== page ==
I know this doesn't matter at all but when I see a simple typo I look at the keyboard to see if the correct letter is near the wrong one ( it usually is ) but K is not near X at all lol just an observation I am not faulting anyone God knows I screw up a lot
have a good day :thumbsup::laugh:
your asking for tips on how to make a better seat but it would help to describe in detail how you did it so someone can pick apart your method and give proper advice on how to improve it. unless your just looking for an in depth tutorial on how to make a seat if so there are several good videos on youtube on that subject. just look up making a mini bike seat.
The videos I've watch do not give much detail on sizing things properly. Whole bunch of hack jobs out there. I don't know terminology but seems to me now that the cover must be made a lot smaller than the actual seat pan. I'm a tree trimmer by trade not a seamstress
Sorry for wasting all everyone's time
Everybody does things a bit differently so for every different seat maker you will have a different opinion on the "correct" way to do it. I'm self taught for the most part so I'm sure I do things way different than others.
Depending on the way you measure it and your seam allowance the vinyl cover should end up so slightly smaller so it compresses the foam just a bit. It shouldn't be so much that it is stressing the stitches. Just enough it puts tension on the vinyl and helps remove wrinkles. How tight it is pulled when it get attached to the base plays in that also.
My question is when you made the seat did you start from scratch with a new base and foam or are you recovering an old seat using the old vinyl as a pattern? I ask because sometimes the old foam is compressed and the old vinyl is stretched a bit. You can overcome this by using laying a new layer of 1/2 inch foam on top of the old foam (scrim layer).
Wow- where is that statement coming from? I certainly did not feel that way. This thread COULD become very educational for you AND for others if you stick with it and share the techniques you are trying. Really and truly I thought that the cover in your photo looked pretty darn good...
Slightly smaller was one answer I was shooting for
A little back round on me. This is the first 2 wheeled thing I owned. Grew up in the city and mini bikes/ dirt bikes wasn't going to happen so after 51 yrs I got a roller at a car swap meet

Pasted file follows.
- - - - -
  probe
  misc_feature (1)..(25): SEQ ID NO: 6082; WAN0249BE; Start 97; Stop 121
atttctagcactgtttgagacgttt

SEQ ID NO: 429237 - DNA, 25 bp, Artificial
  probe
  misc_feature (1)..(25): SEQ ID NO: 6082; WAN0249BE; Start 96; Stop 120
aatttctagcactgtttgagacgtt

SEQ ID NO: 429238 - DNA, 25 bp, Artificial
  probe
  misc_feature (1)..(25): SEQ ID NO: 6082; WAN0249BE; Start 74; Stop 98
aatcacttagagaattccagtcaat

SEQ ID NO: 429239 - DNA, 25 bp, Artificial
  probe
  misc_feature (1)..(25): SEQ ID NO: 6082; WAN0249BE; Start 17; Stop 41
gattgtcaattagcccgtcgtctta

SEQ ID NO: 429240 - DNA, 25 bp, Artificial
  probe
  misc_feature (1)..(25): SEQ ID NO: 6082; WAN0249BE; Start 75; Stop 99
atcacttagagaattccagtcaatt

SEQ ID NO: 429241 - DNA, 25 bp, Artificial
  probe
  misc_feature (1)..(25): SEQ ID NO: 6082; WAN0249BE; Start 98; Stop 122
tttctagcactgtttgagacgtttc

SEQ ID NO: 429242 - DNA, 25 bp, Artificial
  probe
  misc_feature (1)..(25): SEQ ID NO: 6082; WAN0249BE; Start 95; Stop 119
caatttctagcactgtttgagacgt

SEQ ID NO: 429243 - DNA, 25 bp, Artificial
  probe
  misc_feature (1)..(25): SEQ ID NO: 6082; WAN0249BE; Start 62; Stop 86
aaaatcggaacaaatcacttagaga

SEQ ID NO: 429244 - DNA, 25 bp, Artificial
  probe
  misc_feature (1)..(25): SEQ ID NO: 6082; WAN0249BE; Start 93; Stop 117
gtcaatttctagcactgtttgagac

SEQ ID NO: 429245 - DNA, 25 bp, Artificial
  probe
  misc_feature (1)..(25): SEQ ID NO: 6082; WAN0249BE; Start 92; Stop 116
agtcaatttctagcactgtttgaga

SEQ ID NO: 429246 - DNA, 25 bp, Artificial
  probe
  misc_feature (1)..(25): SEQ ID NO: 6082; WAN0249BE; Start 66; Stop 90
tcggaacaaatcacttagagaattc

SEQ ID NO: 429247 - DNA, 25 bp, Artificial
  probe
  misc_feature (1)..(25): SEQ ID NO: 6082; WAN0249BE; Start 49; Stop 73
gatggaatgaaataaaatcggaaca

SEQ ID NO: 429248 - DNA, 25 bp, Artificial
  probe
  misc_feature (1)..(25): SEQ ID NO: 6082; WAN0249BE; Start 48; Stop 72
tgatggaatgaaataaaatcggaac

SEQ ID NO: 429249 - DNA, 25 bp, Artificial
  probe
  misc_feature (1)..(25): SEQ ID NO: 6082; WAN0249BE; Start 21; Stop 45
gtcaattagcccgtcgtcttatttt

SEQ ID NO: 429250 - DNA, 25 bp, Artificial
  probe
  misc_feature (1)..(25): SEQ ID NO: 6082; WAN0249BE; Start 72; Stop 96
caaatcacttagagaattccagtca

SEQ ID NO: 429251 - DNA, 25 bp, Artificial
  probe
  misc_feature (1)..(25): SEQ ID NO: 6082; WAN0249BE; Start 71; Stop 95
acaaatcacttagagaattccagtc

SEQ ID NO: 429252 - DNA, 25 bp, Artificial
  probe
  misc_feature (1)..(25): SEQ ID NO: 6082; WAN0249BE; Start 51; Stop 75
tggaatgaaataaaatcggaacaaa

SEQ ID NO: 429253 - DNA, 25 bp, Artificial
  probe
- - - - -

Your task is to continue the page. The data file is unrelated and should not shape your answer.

This seat is completely my own doing. New base new vinyl new foam I got at a Joanns store. The girls there certainly thought I was off my rocker
I didn't want to wait for piping to arrive so I made that and without a welting foot it's not the easiest to do going to order one of those
Scrim seemed expensive and was large quantity so I used batting and temporary spray glue and some type of backing meant to be ironed on. I skipped that the glue held nice. I used polyester thread which seemed thicker and a # 90 needle with a walking foot to put it all together that's what I did.
Problem is I put too much seam allowance in to it
I used a brother machine from Walmart nothing fancy there except I had to convince my wife I should be allowed to mess with it because the tool box is off limits to her
I cut the seat apart and I'm going to make it smaller with less allowance If you sign up for Joann email you can grab coupons. I scored %65 off the marine grade vinyl
I get a fair amount of my stuff I need right now from joanns but since they are my closest fabric store and still a 2 hour round trip I tend to do more internet ordering. All of my sewing is on a singer model 66. I do have some different feet for it stuff like a walking foot is out of the question. I've done my fair share of piping, welting, and zippers without the correct foot. I personally don't buy actual scrim foam. I buy plain foam and glue material on one side. The material is normally bed sheets I pick up for next to nothing at a yard sale or goodwill. For that I use the cheapest spray glue I can find. I think it's elmers brand from wal-mart right now. For gluing the upholstery work pony up and get 3m super 90 (super 77 lets go in the summer heat around here). You normally only glue stuff like motorcycle seats with a metal pan though. Staples are the attachment of choice on stuff with a wood base.
A mini bike seat is a good project to start with. I'm in no way trying to take away from the seat makers or their works of art but most are pretty simple shape and design making an easy project. I jumped in over my head doing my own car and truck interiors and had a ton of expensive redos before I finally learned. Real pain learning stitch shrinkage doing pleats or diamond tuck after you have done a whole bench seat top to match a bottom that does anything but match lol.
If that is your first seat you done a really good job on it. Way better than I done on my first, I didn't even take a picture of it. Before you cut it apart I'll suggest adding more foam under it to fill it out. It doesn't look overly large and you might just be able to stuff it and fix that. A bit more cushion rarely hurts. Now if you were 4-5 inches too big yeah you might have to redo it.
Seat number 2
Much better made the whole thing smaller and gave myself a lot less seam allowance
I kept the foam the same so it's kinda over stuffed
90+degrees it was a good day to stay indoors
Thanks everyone for the help
One question. What type of foam is used to make it a little stiffer?